The lack of suitable housing is holding Britain back.
There is wide consensus that getting people onto the housing ladder is critical to levelling up and transforming our economy.
Likewise, transforming the cumbersome and outdated planning system is a vital step in making more housing more accessible to more people.
I completely support the Government’s aim to tackle this considerable problem.
However, I share concerns with many of my colleagues on the details of this plan.
Concerns particularly shared with my next-door neighbour, my Hon. Friend, the Member for Bexhill and Battle.
The changes to the Standard Method are meant to simplify and streamline the planning process. But local conditions still need to be considered.
For instance, in the constituencies of Beautiful Hastings and Rye and Bexhill and Battle, almost 82% of land in Rother District falls within the High Weald Area of Outstanding Natural Beauty.
This land should be protected from over-development.
Here, the New Standard Method requires over a thousand houses to be built every year, an increase of almost 250% on the Local Plan.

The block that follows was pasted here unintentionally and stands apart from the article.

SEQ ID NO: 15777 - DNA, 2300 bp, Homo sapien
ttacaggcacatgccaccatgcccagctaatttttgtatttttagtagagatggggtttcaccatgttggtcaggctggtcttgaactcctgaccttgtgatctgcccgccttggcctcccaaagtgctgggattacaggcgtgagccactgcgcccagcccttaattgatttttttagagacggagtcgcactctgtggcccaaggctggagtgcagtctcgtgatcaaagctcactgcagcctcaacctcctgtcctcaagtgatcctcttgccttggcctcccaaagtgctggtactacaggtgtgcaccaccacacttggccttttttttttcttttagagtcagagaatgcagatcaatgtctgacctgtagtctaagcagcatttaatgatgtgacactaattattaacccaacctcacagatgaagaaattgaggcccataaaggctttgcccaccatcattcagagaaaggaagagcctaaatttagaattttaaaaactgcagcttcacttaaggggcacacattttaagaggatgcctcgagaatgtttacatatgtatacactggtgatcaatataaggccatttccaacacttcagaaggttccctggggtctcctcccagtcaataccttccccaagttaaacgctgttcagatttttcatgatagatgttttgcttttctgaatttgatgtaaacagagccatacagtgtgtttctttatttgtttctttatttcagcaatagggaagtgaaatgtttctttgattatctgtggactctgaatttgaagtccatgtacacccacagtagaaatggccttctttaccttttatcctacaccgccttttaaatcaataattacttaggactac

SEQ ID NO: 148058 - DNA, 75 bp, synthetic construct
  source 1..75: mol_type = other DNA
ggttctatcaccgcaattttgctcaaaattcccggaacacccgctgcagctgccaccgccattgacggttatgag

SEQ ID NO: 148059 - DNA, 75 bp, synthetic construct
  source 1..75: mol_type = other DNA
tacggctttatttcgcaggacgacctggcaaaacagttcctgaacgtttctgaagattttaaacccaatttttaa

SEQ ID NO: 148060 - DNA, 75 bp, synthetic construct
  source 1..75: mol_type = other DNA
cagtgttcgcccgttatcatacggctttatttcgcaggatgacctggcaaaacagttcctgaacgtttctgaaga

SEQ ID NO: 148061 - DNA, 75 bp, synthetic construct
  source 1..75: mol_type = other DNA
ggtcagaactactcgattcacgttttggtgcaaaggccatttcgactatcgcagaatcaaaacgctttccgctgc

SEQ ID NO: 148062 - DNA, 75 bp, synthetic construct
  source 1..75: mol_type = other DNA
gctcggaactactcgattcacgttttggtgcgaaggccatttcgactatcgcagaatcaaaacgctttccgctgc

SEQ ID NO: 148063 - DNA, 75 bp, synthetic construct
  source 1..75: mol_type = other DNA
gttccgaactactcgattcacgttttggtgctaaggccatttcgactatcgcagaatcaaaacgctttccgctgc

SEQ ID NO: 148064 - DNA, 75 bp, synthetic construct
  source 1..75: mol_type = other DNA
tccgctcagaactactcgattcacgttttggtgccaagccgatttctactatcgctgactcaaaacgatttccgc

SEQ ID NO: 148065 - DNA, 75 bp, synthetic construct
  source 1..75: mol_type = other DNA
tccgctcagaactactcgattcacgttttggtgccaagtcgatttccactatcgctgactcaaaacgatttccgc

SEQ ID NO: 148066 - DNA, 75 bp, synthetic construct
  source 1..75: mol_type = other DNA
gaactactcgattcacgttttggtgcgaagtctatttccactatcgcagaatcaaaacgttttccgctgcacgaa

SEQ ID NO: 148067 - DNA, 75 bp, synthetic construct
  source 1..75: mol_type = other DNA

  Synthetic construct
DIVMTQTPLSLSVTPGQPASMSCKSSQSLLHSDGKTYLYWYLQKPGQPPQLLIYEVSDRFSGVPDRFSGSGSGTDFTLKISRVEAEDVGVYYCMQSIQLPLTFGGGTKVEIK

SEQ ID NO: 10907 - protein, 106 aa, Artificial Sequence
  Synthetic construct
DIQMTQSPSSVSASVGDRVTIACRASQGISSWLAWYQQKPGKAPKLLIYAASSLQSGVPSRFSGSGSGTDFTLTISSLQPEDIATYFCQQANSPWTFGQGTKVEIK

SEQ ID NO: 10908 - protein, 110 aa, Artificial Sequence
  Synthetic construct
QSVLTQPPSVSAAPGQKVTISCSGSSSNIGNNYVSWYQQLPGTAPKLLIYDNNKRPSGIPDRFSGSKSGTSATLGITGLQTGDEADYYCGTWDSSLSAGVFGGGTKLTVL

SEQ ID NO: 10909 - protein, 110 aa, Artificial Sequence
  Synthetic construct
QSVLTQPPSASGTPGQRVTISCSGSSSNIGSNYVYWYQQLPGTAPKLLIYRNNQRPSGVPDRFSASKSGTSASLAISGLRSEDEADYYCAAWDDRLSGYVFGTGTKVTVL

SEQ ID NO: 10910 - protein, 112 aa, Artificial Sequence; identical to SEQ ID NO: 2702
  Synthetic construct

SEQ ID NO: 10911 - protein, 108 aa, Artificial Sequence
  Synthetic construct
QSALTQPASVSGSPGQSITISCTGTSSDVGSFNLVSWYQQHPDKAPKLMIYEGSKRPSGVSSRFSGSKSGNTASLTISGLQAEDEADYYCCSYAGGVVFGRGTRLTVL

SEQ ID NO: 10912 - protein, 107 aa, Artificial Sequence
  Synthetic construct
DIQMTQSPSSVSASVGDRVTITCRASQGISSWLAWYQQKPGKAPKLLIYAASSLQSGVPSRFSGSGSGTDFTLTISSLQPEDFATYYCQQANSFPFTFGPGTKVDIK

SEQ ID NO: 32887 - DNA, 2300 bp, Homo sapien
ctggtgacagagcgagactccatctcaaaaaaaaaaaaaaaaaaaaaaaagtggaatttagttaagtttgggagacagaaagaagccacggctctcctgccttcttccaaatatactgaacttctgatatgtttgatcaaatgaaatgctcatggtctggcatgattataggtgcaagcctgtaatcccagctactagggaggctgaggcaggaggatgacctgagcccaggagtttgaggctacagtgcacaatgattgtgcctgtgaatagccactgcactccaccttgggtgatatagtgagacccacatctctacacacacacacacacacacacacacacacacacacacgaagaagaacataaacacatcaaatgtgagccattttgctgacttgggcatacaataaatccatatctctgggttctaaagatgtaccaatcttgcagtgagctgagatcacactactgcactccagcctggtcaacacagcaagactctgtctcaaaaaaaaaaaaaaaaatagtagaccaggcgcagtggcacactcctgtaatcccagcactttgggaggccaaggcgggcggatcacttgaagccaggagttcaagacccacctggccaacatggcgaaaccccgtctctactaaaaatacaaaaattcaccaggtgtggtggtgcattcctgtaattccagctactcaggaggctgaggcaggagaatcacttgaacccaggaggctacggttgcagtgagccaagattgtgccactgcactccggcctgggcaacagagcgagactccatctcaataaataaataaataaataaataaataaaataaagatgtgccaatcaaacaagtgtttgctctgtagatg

While there is a need for housing, annual construction of over a thousand homes on limited land will only choke up infrastructure and utilities - and alienate residents.
Hastings, caught between two large hills and the sea, will see more than 100% increase in new homes.
We must find a way to streamline this process without putting undue burdens on local authorities and residents, who may have structural problems, effectively blocking them from carrying out the Government’s plan.
The algorithm is flawed.
Reforms are also necessary in land designation.
But land that is protected needs to be further protected so that developers are encouraged to build on areas suitable for growth. And where sites have been allocated for development, and where land has been given planning permission, developers must build - we need the new homes now.
The design approval process needs reform.
Recently, in Rother District, a project was given planning approval but did not move forward for years due to pending design approval. This process can and must be streamlined, to be finished in months and not years.
My Hon. Friend is correct.
We have a once in a generation opportunity to set our housing system right, to offer the opportunity for a suitable home to all in our country, whilst protecting our environment for future generations.
And that is why it is so important for us to get this right.
Let us seize this moment, let us deliver reform that is meaningful and lasting. Only then can we level up our economy and improve the lives of Britons for generations to come.